By Julie Bonnin
Green Right Now
The first commercial air test flights using biofuels took to the sky earlier this month: First Air New Zealand, then Continental Airlines gave us a glimpse of a greener way to fly with a biofuel test flight on Jan. 7 at Bush Continental Airport in Houston.
Next up: Japanese Airline, JAL has announced a demonstration flight using a Boeing 747-300 powered by biofuel set for Jan. 30 in Tokyo.
Jennifer Holmgren is General Manager of Renewable Energy & Chemicals for Honeywell’s UOP, a refining technology developer which partnered with Continental on its landmark project. One week later, she was a keynote speaker at Petrotech 2009, an international oil and gas conference hosted by the Indian government, on the topic of emerging technologies (the conference ends Thursday).
We asked Holmgren to elaborate on the development of biofuels for commercial airlines.
Q. What factors are coming together for these test flights to be happening at this particular time?
A. The aviation industry is motivated to find a solution and diversify its fuel supply. We are all eager to prove that a sustainable biofuels solution exists and could make an impact to commercial aviation as soon as 2012. Today the technology to convert biological resources to fuel exists, and technology to cultivate and process various sustainable feed stocks is nearer than many think.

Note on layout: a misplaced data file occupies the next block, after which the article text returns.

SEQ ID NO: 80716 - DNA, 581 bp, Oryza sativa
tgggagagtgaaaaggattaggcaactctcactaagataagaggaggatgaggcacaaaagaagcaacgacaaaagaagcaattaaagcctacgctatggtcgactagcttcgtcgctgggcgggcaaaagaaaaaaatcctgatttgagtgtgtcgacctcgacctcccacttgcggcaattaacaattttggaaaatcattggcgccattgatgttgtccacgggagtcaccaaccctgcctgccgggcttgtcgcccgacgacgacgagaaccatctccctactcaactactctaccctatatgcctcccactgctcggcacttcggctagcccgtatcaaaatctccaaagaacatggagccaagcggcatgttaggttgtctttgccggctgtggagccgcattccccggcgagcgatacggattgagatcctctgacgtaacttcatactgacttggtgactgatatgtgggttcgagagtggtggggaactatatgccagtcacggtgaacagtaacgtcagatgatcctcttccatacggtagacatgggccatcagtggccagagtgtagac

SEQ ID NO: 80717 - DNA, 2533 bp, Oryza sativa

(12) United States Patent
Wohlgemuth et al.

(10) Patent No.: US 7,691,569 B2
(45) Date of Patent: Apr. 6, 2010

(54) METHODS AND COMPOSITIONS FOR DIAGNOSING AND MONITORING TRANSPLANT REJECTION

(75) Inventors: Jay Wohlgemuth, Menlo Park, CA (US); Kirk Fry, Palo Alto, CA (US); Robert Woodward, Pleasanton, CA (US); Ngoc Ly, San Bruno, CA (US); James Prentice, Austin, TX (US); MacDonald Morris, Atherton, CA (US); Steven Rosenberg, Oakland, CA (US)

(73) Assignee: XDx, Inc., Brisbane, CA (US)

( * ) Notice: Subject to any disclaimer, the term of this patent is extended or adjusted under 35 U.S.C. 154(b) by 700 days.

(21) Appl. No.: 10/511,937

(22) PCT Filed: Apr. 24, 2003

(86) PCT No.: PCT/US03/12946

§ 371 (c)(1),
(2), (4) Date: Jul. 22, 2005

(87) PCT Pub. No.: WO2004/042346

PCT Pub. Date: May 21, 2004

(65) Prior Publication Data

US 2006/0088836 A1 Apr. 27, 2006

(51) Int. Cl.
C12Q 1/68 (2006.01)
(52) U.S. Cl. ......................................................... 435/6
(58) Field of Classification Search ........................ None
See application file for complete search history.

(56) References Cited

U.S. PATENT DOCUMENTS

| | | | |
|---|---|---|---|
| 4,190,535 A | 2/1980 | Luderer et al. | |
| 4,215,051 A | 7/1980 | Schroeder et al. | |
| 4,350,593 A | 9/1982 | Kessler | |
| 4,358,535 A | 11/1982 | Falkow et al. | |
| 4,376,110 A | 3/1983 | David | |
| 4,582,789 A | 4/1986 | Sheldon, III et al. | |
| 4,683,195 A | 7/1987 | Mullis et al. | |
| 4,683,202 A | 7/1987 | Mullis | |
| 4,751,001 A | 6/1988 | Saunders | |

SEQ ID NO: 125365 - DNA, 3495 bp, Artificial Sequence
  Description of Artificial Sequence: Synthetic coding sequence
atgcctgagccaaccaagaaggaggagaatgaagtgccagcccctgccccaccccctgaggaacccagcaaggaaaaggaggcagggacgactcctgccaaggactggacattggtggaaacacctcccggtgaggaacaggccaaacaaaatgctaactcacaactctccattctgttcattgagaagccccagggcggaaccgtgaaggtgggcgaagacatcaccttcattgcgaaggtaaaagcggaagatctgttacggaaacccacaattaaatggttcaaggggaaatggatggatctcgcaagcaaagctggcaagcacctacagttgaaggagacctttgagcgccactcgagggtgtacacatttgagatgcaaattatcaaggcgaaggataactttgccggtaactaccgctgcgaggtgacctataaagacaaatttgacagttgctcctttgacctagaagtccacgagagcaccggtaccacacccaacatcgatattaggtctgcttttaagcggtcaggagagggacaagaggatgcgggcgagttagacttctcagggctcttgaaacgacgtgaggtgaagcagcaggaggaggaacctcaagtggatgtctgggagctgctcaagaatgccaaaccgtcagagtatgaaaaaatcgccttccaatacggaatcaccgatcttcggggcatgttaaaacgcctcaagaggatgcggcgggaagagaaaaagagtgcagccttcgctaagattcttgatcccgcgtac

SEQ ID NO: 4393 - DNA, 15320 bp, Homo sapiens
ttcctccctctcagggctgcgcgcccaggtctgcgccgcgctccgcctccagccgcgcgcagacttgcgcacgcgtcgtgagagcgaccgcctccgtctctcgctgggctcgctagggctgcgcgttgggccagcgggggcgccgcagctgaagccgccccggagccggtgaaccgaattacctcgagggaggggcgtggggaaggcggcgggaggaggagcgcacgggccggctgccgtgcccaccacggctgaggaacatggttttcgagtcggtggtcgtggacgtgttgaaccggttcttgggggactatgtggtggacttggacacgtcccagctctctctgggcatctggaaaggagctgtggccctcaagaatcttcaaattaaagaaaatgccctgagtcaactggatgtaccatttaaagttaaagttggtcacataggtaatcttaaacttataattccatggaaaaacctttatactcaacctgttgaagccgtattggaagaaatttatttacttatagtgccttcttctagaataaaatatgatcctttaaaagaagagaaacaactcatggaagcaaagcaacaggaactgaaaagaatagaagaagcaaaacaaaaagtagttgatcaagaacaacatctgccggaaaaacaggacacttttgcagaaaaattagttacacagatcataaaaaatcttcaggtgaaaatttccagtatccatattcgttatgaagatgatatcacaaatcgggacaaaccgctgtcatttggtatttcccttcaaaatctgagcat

Q. How long until sustainable raw materials will be available in a quantity that makes biofuel viable for commercial aviation?
A. We believe that sources like jatropha and camelina (non-edible, oilseed crops that require little to no irrigation and can be grown in areas food crops won’t grow) will be available in commercial scale quantities within the next three years. Technology to produce algae in commercial scale quantities is a little farther out – more like eight to 10 years. Events like the Continental flight help to keep motivation and momentum around developing these technologies and are gathering the data that will be needed for aircraft certification.
Q. As your business and others wait for those markets to turn, what kinds of things will you be trying to accomplish in the intervening years?
UOP is working to develop a complete portfolio of technology for renewable energy and chemicals. We have already introduced and licensed a process to produce green diesel fuel and are also leveraging a joint venture with the Canadian business Ensyn to offer technology and equipment to convert second-generation biomass like forest and agricultural wastes into oil for power generation, heating fuel. The joint venture will also accelerate research and development for technology that will convert this pyrolysis oil into transportation fuels like diesel, gasoline and jet fuel.
Q. You have said production levels (for biomass jet fuel) could reach hundreds of millions of gallons per year by 2012. What are some of the ways companies will ensure that overall environmental impact of production and delivery is minimal?
A. The UOP renewable jet fuel process is modeled after traditional hydroprocessing technology that has been used in refineries for more than 50 years to produce transportation fuels. Emissions from the renewable process are comparable to the tradition petroleum-based process. The key to realizing greenhouse gas emission reductions is the use of sustainable second-generation feedstock sources. The source for the fuel must be cultivated and harvested in manners that do not tax valuable food, land or water resources.
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